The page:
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Persistent poverty and children's development in the early years of childhood

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Reducing child poverty has been a policy of successive United Kingdom (UK) governments. However, the reduction of persistent poverty has only recently featured on the policy agenda. This article uses longitudinal data on early childhood to examine developmental contexts and outcomes of persistently poor children and to establish contexts that may promote resilience. Results show that persistently poor children have more disadvantageous developmental contexts than children in poverty for shorter periods and that they have worse developmental outcomes. Resilience may be promoted by improving parenting behaviours and attitudes and improving maternal mental health.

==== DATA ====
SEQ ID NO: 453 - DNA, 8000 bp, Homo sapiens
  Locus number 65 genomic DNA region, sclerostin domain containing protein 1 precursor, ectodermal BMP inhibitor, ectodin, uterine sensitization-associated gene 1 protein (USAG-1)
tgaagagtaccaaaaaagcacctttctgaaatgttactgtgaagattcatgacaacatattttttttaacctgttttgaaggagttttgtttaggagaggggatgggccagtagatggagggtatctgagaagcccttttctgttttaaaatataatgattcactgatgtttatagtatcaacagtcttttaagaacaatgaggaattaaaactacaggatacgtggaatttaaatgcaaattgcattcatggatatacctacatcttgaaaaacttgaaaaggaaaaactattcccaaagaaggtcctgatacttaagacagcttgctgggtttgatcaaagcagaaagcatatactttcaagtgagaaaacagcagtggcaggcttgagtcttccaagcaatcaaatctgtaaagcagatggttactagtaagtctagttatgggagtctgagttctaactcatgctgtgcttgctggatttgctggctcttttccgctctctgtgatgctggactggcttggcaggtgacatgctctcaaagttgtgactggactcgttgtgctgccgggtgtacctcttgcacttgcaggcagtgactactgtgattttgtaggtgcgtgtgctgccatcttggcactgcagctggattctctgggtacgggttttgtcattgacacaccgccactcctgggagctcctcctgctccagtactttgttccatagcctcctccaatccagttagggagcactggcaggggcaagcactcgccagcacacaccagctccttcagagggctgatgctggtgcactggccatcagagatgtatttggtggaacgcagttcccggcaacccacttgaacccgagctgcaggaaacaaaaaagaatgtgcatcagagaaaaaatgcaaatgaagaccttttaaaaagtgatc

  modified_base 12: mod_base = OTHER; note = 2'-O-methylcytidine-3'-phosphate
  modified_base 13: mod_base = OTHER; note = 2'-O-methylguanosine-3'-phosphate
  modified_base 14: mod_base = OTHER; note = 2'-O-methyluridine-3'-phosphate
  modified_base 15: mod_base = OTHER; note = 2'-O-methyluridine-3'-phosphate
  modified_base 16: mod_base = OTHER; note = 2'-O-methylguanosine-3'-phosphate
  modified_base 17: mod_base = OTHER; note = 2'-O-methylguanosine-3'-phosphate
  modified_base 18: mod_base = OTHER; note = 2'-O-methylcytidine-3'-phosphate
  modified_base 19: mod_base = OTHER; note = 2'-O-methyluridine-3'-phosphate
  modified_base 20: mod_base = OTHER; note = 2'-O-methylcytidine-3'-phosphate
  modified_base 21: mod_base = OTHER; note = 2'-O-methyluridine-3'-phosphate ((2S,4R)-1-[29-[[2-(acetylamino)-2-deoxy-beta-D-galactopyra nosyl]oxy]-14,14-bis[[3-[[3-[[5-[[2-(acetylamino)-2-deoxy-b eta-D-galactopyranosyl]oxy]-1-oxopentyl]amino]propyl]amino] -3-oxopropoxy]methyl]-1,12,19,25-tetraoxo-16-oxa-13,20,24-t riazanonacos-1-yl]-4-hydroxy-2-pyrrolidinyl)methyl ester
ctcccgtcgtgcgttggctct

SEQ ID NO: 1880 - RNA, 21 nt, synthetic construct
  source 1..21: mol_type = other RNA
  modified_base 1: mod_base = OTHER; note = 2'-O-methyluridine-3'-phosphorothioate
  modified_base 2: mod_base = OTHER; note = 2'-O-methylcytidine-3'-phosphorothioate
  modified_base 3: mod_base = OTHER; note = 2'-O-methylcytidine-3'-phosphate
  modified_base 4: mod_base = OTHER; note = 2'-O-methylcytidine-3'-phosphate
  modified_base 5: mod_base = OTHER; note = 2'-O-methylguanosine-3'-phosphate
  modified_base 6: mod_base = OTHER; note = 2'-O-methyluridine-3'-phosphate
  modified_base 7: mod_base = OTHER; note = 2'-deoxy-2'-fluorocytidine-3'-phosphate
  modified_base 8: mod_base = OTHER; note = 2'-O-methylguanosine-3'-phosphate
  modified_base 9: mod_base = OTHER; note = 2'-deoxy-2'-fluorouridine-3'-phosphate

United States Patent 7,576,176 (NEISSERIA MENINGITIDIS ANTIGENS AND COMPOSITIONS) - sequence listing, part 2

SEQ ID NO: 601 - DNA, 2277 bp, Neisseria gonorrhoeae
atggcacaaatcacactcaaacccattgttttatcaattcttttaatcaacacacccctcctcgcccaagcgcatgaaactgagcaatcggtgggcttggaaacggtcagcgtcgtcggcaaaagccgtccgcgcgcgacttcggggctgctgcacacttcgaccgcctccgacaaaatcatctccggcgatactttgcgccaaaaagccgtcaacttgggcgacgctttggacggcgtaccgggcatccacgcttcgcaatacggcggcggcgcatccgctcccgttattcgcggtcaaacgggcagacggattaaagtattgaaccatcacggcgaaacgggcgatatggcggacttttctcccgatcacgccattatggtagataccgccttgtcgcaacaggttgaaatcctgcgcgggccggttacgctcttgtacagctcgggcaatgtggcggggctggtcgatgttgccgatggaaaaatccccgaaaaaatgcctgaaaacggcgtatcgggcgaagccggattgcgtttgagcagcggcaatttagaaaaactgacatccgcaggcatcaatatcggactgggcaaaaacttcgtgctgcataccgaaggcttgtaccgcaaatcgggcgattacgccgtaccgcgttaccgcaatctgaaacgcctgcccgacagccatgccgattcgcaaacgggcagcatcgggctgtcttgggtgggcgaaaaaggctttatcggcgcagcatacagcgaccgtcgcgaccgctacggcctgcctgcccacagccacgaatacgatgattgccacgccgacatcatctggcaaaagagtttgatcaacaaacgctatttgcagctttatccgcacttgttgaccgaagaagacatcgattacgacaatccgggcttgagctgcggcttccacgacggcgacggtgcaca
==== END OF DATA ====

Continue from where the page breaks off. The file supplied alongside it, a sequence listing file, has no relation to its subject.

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Keywords: CHILD DEVELOPMENT; PARENTING; PERSISTENT POVERTY; RESILIENCE

Document Type: Research Article

Publication date: January, 2013

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UA-1313315-21
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